Perspectiva temporal, Afrontamiento, Regulación de las emociones, Resolución creativa de problemas, Adolescencia, Juventud
Time perspective, Coping, Affect regulation, Creative problem solving, Adolescence, Youth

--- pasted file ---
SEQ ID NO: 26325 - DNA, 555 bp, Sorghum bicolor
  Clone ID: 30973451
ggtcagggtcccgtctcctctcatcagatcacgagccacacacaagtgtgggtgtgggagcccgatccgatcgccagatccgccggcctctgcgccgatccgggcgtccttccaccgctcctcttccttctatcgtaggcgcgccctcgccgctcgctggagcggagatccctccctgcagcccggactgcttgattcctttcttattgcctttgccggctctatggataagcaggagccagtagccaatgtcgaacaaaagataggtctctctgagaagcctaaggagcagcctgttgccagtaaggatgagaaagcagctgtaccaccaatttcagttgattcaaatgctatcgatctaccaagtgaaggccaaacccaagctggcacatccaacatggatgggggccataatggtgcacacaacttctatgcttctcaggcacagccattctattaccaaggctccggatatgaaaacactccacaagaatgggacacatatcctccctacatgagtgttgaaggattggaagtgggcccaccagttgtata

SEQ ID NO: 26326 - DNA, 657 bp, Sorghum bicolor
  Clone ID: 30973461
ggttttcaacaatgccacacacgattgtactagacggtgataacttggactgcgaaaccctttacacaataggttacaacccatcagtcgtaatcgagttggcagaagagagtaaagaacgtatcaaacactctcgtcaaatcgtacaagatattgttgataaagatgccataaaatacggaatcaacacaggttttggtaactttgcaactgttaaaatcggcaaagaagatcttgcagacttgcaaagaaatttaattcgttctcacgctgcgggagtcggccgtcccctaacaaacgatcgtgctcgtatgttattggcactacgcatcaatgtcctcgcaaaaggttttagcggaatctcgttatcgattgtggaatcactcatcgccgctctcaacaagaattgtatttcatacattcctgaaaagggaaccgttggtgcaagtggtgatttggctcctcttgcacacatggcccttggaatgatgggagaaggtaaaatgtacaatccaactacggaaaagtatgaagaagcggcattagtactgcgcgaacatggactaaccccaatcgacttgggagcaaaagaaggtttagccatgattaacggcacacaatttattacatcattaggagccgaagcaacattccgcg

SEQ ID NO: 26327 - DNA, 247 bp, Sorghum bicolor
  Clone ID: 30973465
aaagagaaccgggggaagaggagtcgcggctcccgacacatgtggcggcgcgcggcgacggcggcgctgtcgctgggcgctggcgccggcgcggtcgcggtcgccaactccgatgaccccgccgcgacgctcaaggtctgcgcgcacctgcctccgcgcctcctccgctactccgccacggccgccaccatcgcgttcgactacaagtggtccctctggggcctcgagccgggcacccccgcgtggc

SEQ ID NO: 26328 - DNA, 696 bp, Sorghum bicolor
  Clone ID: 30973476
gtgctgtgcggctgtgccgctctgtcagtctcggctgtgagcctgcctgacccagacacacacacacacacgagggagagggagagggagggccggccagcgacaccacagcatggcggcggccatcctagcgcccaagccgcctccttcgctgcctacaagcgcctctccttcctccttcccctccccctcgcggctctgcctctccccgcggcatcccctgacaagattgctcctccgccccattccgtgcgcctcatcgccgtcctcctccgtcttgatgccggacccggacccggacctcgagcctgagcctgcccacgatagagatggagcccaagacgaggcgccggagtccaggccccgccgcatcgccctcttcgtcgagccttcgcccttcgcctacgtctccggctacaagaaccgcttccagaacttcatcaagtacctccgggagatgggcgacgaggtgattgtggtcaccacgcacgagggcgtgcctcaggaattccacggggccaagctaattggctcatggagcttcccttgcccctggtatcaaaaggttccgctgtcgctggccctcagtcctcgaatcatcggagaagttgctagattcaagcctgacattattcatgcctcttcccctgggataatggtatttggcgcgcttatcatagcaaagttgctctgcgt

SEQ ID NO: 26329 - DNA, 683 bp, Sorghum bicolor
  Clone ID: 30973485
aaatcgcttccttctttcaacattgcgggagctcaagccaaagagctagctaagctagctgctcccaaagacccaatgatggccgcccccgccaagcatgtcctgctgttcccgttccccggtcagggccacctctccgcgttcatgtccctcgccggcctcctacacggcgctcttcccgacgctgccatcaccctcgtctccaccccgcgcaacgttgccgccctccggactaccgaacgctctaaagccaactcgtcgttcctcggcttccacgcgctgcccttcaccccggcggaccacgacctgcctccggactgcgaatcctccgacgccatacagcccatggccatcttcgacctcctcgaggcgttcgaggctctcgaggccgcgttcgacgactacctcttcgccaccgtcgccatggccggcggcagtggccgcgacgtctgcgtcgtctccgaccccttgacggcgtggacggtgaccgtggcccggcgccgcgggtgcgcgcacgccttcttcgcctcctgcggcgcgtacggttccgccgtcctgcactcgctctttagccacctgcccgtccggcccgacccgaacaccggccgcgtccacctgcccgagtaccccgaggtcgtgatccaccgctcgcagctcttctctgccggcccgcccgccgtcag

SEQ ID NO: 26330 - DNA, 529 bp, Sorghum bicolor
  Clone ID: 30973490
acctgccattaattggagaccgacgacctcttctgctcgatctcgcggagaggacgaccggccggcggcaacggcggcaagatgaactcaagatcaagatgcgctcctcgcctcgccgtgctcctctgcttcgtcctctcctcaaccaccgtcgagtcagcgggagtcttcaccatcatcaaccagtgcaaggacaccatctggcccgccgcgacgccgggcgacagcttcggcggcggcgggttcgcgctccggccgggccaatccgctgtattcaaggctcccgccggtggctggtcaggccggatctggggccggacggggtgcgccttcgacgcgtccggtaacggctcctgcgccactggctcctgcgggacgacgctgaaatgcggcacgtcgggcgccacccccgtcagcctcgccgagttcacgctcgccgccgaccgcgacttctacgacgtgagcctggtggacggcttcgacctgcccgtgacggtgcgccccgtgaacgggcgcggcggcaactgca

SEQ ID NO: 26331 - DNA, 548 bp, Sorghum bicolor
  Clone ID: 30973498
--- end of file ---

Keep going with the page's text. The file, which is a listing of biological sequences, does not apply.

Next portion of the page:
Understanding the characteristics of healthy psychological growth in adolescence and youth is a fundamental task for psychological science. Adolescence and youth are two stages of life which have to be faced with crucial “life-tasks” that constitute the premises for adult positive development and well-being (Crocetti & Palmonari, 2011). These life-tasks are becoming nowadays very complex and hard, due to the deep changes that have come about in our post-modern society (Beck, 1992) that is characterized by a growing uncertainty about future and a stable life-career (e.g., job insecurity or precariousness, instable couple relationships). Among those factors that contribute to successful development, planning competencies and agency (the active intervention of individuals in the environment) are assumed to play a central role (Masten et al., 2004). Time orientation, coping strategies, and social competencies are among the dimensions that define the construct of agency (Masten et al., 2004; O’Connor et al., 2010). Time perspective is a psychological construct that is assuming a growing relevance in the studies on human behaviour. It is considered the result of cognitive and affective individual factors and socio-cultural variables (e.g., groups, values, norms), belonging to a specific historical time (Sircova et al., 2015; Zambianchi & Ricci Bitti, 2012). Referring to the field theory elaborated by Lewin (1943), Zimbardo and Boyd (1999) defined time perspective as “the often nonconscious process whereby the continual flows of personal and social experiences are assigned to temporal categories that help to give order, coherence, and meaning to those events” (p. 1271).